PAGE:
But the CG3 line isn’t just about price. It’s about performance too. The aim of CG3 line is to bring the best aspects of the CG4 in a less expensive package—about 50% less to be precise. In fact, you can get started with an RSL CG3 stereo configuration for as little as $699 and a 5.1 system for as little as $999. This puts a full RSL setup complete with the superb Speedwoofer 10S for the same price-point as those plastic HTIB systems in big box stores.  Impressive.  Most impressive.

As Joe told me,

“This is a line of speakers that offers unbelievable, high-end sound but at a price that accommodates people such as veteran audiophiles on a tight budget, audio newcomers who know they want more than an HTIB—even people just starting their careers. The CG3 line has something for everyone, and allows people to step into the world of high-end audio, and still have the funds left over for a receiver, TV, etc…”

Potentially great sound at a great price? It was time to get the review in motion.

Arrival and Unboxing

Whenever RSL gear arrives, I feel like something’s missing. “This can’t be it!” I keep thinking to myself.  “This whole system is just two boxes?” Sure enough, the entire system was two boxes. One box was dedicated to RSL’s Speedwoofer 10S.The other box… well, it had everything else.

Though my review setup was slated to be a traditional 5.1, consisting of four smaller CG3s and a single CG23 for the center channel, I always seem to have a bit of a surprise when my RSL gear gets delivered. The father-son tandem of Howard and Joe Rodgers sent me an additional CG23 so that I could also play with a CG23 setup as a stereo 2.1 pair.

Never tell an audiophile he can have more speakers to play with. Naturally, I jumped at the opportunity.

The CG3 is a two-way design with a 1-inch silk dome tweeter and 4-inch Kevlar® cone with a crossover frequency at 2500Hz and a second order crossover slope at 12db/octave. The CG3 is rated to play down to 100Hz.

The CG23 is an MTM (midrange-tweeter-midrange) design. The CG23 adds an additional 4-inch Kevlar cone and can be oriented vertically (as a main speaker) or horizontally (as a center channel). The crossover slope and frequency is identical to the CG3. The CG23 will play down a bit deeper to 85Hz ± 3db.  As you can tell, these monitors are specifically designed to be used with the companion Speedwoofer 10S. If you are planning on setting up a pure two-channel system, my suggestion would be to go with the CG23 if you can afford it because you can have a lower crossover to the subwoofer and get a bit wider soundstage (I’ll get into more about that further down).

RSL CG3 models have a fingerprint-resistant finish that works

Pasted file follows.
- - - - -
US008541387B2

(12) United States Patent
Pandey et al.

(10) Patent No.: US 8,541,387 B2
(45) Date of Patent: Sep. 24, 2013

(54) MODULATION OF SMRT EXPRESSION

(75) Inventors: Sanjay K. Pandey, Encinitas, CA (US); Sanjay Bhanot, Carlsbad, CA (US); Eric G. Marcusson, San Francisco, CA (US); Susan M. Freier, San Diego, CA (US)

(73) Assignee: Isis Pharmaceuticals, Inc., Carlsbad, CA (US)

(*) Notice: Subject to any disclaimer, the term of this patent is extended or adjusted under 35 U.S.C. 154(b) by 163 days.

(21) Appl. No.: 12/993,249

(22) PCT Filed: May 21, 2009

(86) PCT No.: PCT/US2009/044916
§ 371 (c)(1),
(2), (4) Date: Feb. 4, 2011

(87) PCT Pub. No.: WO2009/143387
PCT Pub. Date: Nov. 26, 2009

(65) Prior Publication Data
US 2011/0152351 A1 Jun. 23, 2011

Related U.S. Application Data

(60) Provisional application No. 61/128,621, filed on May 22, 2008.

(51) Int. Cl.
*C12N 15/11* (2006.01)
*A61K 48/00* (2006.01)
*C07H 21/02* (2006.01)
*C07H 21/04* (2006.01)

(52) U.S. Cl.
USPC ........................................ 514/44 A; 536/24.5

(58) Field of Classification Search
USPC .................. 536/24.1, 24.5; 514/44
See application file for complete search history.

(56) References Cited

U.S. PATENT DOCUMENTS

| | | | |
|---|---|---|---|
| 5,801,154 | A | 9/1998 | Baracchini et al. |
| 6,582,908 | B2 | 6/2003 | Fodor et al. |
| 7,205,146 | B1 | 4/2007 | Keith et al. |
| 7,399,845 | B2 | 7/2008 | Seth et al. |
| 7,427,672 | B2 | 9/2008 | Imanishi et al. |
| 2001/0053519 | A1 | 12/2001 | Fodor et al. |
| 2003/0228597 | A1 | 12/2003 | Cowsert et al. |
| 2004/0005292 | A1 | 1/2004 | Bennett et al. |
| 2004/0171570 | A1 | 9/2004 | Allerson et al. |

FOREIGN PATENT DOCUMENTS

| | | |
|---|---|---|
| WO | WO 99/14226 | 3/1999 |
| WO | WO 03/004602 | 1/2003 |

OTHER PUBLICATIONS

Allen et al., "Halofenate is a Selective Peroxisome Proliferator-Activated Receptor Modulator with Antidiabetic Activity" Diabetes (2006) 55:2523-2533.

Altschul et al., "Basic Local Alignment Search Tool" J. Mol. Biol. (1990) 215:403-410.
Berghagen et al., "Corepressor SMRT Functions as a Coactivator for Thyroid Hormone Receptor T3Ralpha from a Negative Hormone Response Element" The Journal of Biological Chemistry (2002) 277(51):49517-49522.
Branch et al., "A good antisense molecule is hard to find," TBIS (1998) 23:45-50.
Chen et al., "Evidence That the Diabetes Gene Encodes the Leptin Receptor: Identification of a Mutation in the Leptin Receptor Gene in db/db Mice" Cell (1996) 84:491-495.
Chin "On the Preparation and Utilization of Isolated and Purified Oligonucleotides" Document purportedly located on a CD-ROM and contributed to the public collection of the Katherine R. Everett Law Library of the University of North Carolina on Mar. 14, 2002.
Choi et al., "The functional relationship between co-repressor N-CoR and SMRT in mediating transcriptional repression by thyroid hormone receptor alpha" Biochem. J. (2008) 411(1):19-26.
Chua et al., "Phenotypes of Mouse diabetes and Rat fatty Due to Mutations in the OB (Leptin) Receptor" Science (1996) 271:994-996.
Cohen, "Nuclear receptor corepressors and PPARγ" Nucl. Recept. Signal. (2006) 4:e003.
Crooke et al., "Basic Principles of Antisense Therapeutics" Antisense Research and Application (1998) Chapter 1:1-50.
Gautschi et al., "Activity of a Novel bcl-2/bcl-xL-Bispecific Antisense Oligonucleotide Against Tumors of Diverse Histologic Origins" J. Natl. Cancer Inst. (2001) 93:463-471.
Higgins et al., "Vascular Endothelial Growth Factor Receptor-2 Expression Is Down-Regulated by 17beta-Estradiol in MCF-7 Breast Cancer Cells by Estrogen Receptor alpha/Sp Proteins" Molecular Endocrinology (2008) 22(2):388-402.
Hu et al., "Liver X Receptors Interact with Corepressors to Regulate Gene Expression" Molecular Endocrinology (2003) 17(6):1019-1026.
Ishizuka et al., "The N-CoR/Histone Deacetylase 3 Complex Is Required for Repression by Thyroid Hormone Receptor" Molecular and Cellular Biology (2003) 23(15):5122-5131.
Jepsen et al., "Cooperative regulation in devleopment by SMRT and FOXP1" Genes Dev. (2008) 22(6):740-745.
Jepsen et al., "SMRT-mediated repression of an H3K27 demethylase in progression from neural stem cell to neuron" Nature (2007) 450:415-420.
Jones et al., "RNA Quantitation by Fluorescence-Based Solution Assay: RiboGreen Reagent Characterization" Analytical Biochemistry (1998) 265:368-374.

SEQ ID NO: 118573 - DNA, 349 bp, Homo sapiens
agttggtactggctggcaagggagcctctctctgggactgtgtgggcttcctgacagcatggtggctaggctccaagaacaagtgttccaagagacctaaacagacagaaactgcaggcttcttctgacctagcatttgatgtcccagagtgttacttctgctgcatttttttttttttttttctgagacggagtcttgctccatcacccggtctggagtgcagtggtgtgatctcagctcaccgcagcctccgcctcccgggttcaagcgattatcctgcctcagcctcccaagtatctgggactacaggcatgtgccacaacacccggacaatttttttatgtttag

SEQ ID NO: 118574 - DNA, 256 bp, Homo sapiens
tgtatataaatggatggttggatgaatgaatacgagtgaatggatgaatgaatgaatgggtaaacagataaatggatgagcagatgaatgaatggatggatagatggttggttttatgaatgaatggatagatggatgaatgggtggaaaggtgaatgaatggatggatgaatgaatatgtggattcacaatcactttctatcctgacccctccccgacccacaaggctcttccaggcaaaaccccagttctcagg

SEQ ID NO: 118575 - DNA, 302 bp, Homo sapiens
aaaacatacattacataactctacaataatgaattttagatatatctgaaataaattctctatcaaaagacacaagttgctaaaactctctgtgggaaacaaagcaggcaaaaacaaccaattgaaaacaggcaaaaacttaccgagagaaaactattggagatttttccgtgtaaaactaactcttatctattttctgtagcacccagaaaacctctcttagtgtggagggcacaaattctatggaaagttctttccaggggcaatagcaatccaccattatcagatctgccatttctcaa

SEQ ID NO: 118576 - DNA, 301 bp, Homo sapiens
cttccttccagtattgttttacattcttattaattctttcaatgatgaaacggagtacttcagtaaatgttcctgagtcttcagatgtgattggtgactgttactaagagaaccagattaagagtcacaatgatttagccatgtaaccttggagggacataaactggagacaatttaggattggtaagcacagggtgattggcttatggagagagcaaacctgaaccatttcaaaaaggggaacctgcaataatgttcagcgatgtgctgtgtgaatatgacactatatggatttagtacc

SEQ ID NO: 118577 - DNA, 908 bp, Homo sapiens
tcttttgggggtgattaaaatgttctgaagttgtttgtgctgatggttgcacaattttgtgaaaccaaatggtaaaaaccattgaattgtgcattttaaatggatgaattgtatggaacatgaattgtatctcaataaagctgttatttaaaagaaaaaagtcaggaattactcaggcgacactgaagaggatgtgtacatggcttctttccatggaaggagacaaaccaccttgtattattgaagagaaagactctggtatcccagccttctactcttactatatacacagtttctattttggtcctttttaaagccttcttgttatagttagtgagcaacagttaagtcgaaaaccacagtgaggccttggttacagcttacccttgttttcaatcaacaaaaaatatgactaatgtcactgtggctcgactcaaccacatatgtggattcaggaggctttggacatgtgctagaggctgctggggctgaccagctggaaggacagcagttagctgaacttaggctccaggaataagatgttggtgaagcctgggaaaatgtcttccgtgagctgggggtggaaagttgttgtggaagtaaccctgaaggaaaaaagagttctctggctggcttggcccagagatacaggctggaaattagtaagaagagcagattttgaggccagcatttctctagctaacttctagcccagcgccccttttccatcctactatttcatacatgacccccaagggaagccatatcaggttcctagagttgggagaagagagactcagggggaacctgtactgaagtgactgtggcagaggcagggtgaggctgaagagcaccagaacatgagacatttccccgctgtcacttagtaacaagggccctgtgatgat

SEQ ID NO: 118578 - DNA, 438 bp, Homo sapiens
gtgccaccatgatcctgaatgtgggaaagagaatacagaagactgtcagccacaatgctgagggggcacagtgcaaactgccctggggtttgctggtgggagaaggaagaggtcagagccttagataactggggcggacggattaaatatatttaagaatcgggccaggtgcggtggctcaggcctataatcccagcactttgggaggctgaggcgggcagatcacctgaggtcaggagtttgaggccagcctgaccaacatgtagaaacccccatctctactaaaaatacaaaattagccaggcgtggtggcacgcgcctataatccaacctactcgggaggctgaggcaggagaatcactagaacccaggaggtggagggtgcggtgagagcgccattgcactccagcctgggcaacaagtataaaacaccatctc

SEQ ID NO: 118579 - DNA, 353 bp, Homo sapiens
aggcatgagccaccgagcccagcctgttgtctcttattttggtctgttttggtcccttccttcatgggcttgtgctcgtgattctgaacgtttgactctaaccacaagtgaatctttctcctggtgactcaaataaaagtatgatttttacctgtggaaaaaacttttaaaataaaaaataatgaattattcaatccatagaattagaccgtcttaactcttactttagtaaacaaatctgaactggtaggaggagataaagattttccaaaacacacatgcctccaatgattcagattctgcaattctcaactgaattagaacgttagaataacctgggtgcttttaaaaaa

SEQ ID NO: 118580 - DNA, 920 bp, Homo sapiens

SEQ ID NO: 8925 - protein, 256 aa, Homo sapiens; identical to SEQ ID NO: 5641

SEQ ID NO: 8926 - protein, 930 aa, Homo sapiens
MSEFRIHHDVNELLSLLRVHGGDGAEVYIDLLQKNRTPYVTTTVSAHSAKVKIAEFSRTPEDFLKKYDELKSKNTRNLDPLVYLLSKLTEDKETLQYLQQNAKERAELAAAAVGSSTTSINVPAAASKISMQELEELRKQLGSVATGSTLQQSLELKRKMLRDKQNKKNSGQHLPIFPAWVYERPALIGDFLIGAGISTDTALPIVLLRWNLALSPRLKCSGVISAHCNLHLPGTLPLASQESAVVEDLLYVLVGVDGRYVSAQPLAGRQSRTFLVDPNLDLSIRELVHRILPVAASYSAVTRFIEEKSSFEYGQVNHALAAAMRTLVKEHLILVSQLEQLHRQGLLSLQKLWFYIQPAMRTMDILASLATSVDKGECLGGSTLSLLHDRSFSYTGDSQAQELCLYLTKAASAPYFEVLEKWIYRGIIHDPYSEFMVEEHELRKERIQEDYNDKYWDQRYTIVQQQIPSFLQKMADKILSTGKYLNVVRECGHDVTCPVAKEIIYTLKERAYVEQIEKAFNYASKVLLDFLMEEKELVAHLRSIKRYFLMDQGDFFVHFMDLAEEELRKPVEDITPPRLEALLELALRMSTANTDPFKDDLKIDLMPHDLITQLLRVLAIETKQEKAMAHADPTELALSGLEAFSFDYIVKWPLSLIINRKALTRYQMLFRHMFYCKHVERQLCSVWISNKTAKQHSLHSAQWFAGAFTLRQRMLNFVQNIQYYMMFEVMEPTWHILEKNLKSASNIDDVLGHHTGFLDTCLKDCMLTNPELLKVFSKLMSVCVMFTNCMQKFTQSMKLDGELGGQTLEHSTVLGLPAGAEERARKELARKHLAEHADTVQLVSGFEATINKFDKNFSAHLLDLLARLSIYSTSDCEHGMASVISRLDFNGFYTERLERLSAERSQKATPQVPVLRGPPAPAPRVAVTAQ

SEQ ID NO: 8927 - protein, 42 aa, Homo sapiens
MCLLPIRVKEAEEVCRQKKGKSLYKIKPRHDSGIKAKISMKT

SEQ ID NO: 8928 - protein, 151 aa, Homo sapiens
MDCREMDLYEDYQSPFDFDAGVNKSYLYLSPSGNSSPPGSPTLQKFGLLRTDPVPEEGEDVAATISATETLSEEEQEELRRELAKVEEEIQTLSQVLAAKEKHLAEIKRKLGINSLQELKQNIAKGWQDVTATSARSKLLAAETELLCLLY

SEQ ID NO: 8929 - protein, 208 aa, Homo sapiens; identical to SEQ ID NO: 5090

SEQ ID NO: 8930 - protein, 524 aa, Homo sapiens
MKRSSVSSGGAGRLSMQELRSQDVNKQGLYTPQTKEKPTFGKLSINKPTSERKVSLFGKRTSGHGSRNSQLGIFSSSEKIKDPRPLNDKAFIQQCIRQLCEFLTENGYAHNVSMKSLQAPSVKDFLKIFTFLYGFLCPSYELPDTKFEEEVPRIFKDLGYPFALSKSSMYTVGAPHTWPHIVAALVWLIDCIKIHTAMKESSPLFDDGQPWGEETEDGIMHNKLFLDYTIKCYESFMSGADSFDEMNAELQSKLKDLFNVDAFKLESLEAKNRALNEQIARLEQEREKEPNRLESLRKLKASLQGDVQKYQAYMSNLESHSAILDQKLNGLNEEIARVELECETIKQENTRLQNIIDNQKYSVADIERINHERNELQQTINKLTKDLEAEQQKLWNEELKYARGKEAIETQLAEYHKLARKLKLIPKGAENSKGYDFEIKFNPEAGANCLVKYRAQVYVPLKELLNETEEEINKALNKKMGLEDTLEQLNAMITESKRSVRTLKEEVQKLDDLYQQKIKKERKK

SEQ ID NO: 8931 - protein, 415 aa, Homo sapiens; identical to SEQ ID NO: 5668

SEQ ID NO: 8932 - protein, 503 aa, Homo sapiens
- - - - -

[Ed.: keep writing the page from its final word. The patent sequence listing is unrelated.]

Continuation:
The RSL CG3 and CG23 have a fingerprint-resistant finish. I tested it and it works as advertised.

Unboxing the CG3s and CG23s was eerily similar to the CG4 and CG24. Just picking them up out of the box they felt solid and dense—a big nod to their build quality.  They felt more like solid blocks of wood than hollowed-out cabinets.

If they’re so similar, you might ask, then what’s different? Well, as far as I could tell, there are really only a handful of notable physical and component differences between the CG3 and CG4 line.  A difference doesn’t necessarily imply one is better than another. The CG3 is slightly smaller than its CG4 counterpart. The footprint of the CG23 and CG24, however, is identical. The CG3s have a silk dome tweeter with neodymium magnet; Kevlar woofer with stamped basket; air-core coil; a new fingerprint-resistant gloss finish that’s hand-painted; and traditional grilles with pegs.  The CG4s, on the other hand, have a silk dome tweeter with a ferrite magnet (though it's debatable if the ferrite is step up from neodymium in this instance); polypropylene woofer with cast aluminum basket; a hand-painted high-gloss finish (but it doesn’t resist fingerprints); and magnetic grilles. RSL also told me that the CG4/CG24 have more robust air-core coils, which use heavier gauge wire.

Standard Speaker without Compression Guide RSL's patented compression guide technology

RSL's Compression Guide technology is patented.

A standard speaker is pictured left and RSL's compression port, which divides the speaker's cabinet into areas of lower and higher pressure is pictured right.

The core technology at the heart of the CG3s and all RSL speakers is their patented Compression Guide. This is visibly seen as a slim, rectangular port on face of the speaker.  The CG3 has a single port and CG23 has dual ports.  There is no rear port. Joe told me that front mounting the port always a priority so customers could wall mount the speakers and have greater placement flexibility in general.